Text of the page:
Pullman, a 25-bed hospital, didn’t often use N95s before the pandemic, so most employees had never been fit to a particular brand. Whittick echoed what some other hospitals have found — that the BYD masks don’t fit people with smaller faces as well as other models.
“They’re very user-specific,” she said about the fit of N95s. “It’s also greatly dependent on the user’s education on how to get them on properly.”
The state hired an independent firm to conduct a fit-test on the BYD N95s, and found that out of 12 people tested, 10 were able to fit them properly.
“Bottom line, overall testing shows these fit at an acceptable rate,” said Linda Kent, a state spokesperson.
BYD spokesperson Frank Girardot said training is key: “If there’s a particular hospital that needs training, we’re happy to set them up.”
Dentists have had a positive response to the BYD masks, said Killpack from the dental association. This summer his group arranged for distribution of 340,000 of the state’s masks to dental offices.
A new marketplace?
For other health care providers who have tried to get state supplies, the ordering process has proved clunky.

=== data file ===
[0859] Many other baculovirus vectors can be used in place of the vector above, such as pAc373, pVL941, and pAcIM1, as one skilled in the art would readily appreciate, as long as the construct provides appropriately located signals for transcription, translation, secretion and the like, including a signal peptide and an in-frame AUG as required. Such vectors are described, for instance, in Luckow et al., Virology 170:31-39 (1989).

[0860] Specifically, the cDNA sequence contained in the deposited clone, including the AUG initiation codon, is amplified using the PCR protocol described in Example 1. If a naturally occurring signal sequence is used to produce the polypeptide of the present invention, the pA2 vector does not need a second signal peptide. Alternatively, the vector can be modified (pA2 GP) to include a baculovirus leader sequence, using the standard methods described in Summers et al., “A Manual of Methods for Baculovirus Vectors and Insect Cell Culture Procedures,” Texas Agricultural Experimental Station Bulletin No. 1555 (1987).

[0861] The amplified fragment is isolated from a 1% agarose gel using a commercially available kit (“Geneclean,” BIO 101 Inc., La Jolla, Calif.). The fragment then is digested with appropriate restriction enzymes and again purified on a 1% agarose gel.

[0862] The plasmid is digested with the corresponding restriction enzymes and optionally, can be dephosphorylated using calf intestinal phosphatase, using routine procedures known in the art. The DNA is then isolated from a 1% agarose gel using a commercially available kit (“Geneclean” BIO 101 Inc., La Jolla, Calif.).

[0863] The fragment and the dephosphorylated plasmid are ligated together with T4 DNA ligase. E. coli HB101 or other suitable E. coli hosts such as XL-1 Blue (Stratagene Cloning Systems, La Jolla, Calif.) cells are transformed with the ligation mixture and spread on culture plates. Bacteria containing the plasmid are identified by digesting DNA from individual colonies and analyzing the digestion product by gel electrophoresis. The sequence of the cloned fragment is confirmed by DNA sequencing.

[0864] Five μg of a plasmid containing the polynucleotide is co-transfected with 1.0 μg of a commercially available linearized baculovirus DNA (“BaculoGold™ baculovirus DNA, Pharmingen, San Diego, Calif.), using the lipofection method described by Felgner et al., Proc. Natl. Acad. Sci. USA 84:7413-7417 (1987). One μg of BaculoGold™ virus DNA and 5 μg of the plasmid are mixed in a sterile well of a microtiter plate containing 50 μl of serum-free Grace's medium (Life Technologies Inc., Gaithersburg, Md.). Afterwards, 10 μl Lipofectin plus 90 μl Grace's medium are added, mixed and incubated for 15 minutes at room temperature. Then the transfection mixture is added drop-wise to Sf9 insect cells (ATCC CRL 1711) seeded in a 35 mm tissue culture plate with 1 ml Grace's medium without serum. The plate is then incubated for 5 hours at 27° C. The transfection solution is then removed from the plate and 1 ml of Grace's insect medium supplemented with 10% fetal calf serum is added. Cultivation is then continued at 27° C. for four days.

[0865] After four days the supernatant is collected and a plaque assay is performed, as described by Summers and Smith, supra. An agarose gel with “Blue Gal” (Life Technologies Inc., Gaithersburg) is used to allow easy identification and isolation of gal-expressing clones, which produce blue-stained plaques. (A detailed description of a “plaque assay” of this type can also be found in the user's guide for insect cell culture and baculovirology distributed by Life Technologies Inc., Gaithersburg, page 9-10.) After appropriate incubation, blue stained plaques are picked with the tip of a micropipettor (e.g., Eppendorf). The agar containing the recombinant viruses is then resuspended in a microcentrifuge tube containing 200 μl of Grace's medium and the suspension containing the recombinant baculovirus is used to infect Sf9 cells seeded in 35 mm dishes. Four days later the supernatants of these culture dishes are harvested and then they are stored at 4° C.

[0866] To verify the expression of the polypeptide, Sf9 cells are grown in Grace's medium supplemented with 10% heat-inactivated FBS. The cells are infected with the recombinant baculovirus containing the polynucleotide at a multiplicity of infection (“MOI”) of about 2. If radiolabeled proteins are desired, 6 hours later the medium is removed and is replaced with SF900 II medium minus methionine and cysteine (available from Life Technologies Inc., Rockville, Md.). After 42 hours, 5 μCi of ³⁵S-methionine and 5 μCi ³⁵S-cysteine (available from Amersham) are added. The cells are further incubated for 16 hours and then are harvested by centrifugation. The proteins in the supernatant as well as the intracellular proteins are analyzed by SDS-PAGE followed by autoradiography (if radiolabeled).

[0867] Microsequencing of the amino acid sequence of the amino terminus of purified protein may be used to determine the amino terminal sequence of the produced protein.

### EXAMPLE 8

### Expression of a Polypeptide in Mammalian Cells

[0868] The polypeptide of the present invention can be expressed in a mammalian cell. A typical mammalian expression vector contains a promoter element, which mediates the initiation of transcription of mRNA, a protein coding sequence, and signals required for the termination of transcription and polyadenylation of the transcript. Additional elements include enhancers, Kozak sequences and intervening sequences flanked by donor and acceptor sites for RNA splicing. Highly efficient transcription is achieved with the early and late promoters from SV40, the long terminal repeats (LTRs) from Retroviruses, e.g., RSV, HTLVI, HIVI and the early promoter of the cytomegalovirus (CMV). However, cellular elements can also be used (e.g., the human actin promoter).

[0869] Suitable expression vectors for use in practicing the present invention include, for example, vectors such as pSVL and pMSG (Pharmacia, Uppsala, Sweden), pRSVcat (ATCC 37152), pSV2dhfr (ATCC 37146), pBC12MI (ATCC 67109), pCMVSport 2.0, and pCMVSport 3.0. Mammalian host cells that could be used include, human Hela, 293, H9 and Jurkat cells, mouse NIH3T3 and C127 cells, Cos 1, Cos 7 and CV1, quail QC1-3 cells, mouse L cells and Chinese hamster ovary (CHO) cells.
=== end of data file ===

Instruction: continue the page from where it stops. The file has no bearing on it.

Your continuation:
Instructions have been inconsistent, said Ficker from the Adult Family Home Council. Until two weeks ago his members had been told by state officials to place requests with their county health departments, but those orders weren’t consistently being fulfilled, he said.
According to the Washington State Emergency Operations Center, health care providers are supposed to place orders with their local emergency management agencies, which then request and receive the equipment from the state. Usually, the state ships emergency orders within 12 hours, said Shagren, the Military Department spokesperson.
Hospitals are facing some of the same issues with the ordering process, and the hospital association has been advocating for the state to eliminate the middleman in the process, said Sauer.
“We would like for hospitals to be able to directly order from the state, and order the specific models they want, rather than going through the current steps,” she said.
But state officials have resisted. Some counties buy their own protective equipment and may be able to fulfill orders without tapping the state stockpile. Also, the state “could not handle the volume of resource requests coming directly from statewide customers,” Shagren said.
As the state’s N95 stockpile continues to grow, officials are exploring ways to distribute more than just an emergency supply. In addition to the BYD masks, the state expects more than 1 million 3M masks in the coming months. One new option is under consideration, said Schuler, the governor’s adviser: reselling the masks at cost to Washington providers.